Space: The Coming War Up There


November 21, 2005: The European Union ( EU) is planning to deploy its own force of spy satellites by 2010. This system, to be called Global Monitoring for Environment and Security, is intended to give the EU a means of verifying compliance with its policies, and will also help the EU become a more capable military power. This is something that the United States is going to view with suspicion, as it already does with the Galileo project - a group of 30 satellites designed to be a navigation system similar to the Global Positioning System, which China is also investing in.

The United States and Russia both have deployed spy satellites. The Americans use the KH-11, Advanced KH-11, and KH-12, while the Russians used various Cosmos satellites in the same role. European countries also have a variety of satellites as well, such as SPOT, Helios, and ERS. Japan launched two satellites in 2003, as their program has been delayed by the failure of a second 2003 launch. China has launched as many as 17 FSW satellites, which are recovered to get the pictures.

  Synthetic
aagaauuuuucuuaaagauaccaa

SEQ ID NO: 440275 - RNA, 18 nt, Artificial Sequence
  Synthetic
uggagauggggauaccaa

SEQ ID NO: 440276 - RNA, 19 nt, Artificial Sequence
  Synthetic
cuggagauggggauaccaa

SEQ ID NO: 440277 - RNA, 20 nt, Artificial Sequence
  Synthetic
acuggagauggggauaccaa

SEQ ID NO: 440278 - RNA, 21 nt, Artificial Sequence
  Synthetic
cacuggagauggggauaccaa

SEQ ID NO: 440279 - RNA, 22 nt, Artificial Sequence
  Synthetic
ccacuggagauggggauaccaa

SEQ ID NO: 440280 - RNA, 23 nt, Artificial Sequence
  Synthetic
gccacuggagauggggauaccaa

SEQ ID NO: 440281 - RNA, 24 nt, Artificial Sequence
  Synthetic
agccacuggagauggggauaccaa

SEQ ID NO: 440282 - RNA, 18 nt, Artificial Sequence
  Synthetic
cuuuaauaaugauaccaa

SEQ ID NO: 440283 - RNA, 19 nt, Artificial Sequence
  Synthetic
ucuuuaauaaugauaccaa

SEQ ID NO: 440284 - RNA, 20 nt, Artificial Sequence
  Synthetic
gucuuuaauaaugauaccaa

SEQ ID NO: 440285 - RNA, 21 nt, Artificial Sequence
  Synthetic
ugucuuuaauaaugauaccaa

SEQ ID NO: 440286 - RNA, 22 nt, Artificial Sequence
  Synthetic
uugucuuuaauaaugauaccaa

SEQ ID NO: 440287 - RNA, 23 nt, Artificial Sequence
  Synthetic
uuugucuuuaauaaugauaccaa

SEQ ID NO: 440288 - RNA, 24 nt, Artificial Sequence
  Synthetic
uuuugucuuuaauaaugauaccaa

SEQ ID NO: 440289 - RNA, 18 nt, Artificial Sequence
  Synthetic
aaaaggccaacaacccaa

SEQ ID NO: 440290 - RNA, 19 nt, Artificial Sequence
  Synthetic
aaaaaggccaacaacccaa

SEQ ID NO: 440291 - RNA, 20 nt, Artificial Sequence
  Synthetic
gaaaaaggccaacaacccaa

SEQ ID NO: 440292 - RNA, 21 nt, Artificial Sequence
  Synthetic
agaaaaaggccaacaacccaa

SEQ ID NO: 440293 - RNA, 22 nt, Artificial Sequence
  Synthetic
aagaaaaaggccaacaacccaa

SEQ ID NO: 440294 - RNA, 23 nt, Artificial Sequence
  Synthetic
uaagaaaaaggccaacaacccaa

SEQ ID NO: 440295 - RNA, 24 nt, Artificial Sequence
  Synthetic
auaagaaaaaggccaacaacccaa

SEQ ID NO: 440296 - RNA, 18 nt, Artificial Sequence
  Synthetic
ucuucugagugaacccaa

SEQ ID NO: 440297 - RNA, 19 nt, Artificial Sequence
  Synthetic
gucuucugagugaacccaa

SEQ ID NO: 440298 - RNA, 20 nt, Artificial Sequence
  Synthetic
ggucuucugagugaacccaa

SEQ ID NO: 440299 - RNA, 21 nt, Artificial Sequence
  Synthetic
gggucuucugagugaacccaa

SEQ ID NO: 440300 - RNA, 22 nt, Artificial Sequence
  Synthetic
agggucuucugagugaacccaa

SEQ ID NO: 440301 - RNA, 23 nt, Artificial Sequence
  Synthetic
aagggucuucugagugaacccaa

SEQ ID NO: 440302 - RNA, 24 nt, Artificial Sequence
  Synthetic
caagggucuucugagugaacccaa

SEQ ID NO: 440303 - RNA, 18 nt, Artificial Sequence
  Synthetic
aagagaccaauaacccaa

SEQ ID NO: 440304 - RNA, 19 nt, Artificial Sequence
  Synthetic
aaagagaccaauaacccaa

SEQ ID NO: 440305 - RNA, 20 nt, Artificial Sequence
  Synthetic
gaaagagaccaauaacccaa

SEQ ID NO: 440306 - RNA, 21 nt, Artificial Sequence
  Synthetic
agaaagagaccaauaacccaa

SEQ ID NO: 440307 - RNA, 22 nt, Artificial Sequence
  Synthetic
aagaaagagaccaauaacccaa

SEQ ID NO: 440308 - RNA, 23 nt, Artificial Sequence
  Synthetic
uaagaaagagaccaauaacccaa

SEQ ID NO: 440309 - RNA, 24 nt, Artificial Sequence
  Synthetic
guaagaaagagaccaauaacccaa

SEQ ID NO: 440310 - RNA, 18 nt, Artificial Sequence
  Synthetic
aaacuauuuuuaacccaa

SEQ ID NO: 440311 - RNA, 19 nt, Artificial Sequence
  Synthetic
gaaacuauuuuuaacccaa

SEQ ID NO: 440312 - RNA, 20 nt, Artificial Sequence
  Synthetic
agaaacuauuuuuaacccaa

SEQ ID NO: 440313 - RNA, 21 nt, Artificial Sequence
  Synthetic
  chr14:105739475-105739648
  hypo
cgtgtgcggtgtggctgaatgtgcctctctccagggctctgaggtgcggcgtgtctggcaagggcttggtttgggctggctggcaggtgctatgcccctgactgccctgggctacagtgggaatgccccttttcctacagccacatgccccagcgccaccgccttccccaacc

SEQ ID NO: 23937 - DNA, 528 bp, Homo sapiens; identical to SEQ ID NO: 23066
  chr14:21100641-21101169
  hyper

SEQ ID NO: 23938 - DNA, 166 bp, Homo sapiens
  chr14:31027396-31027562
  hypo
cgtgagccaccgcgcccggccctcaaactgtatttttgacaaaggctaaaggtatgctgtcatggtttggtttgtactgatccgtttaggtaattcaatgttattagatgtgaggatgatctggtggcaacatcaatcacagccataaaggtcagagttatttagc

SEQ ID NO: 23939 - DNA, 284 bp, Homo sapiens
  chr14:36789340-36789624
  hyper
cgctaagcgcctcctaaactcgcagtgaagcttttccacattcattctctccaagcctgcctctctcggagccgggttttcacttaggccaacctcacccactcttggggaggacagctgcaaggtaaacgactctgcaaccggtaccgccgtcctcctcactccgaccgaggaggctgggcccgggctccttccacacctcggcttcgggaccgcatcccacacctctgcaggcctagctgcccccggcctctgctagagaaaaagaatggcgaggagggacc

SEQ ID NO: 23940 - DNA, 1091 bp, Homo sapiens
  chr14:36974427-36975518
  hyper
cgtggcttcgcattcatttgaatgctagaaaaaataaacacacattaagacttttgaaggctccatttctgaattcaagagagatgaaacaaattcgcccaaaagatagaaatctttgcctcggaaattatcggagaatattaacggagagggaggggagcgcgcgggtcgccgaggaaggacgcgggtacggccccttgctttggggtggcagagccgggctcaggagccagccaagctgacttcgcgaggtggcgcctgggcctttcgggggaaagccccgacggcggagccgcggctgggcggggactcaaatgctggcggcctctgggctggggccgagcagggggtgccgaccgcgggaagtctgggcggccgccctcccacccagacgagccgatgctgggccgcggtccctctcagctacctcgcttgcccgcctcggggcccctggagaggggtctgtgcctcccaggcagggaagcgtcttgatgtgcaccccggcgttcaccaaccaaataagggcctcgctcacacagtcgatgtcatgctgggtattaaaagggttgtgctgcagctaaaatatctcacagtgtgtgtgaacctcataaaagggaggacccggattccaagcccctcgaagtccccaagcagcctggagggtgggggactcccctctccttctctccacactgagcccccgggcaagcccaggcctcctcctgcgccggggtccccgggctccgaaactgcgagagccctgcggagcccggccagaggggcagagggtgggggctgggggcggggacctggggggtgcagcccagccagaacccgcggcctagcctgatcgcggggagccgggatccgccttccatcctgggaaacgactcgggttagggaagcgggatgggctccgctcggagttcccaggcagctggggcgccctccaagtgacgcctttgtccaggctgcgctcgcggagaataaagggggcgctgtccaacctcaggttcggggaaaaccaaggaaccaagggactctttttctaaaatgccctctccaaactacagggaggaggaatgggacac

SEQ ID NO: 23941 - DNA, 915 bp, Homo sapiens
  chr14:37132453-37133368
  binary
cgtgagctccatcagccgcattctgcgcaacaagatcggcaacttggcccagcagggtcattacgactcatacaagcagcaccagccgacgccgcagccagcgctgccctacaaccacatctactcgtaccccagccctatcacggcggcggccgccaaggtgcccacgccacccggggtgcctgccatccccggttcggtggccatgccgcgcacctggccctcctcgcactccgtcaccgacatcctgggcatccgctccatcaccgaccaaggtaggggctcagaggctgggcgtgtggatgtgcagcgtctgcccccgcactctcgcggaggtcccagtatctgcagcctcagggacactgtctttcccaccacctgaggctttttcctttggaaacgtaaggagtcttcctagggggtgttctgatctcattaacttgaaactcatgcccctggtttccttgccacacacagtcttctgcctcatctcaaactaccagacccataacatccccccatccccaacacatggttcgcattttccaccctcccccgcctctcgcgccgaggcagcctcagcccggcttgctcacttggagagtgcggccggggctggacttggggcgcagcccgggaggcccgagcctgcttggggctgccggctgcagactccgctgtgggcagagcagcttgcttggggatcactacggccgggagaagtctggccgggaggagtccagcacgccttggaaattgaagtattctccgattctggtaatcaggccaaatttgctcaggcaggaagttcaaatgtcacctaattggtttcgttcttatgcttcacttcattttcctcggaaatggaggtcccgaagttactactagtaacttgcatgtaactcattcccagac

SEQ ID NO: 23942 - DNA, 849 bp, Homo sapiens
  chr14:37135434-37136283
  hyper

With all of these major powers deploying satellites, the question is what would happen if these countries went to war. In time of war, nobody likes having the enemy getting reconnaissance - it's a good war to lose battles and ultimately, the war. So, they will look for a way to take down these satellites. Russia used killer satellites, which were large command-triggered warheads placed into orbit to kill an offending satellite. The American approach was to use the F-15 to launch the ASM-135 ASAT missile. The ASAT was able to reach targets up to 1000 kilometers away. The ASAT was tested, and even destroyed an outdated satellite in 1985. The program was cancelled in 1988 due to Congressional opposition.

The situation in space is roughly comparable to the way aircraft were viewed prior to World War I. Satellites currently are merely seen at reconnaissance assets. Soon, however, to paraphrase Chuck Yeager, someone is going to start taking shots at satellites, and that will ruin things. - Harold C. Hutchison ([email protected])




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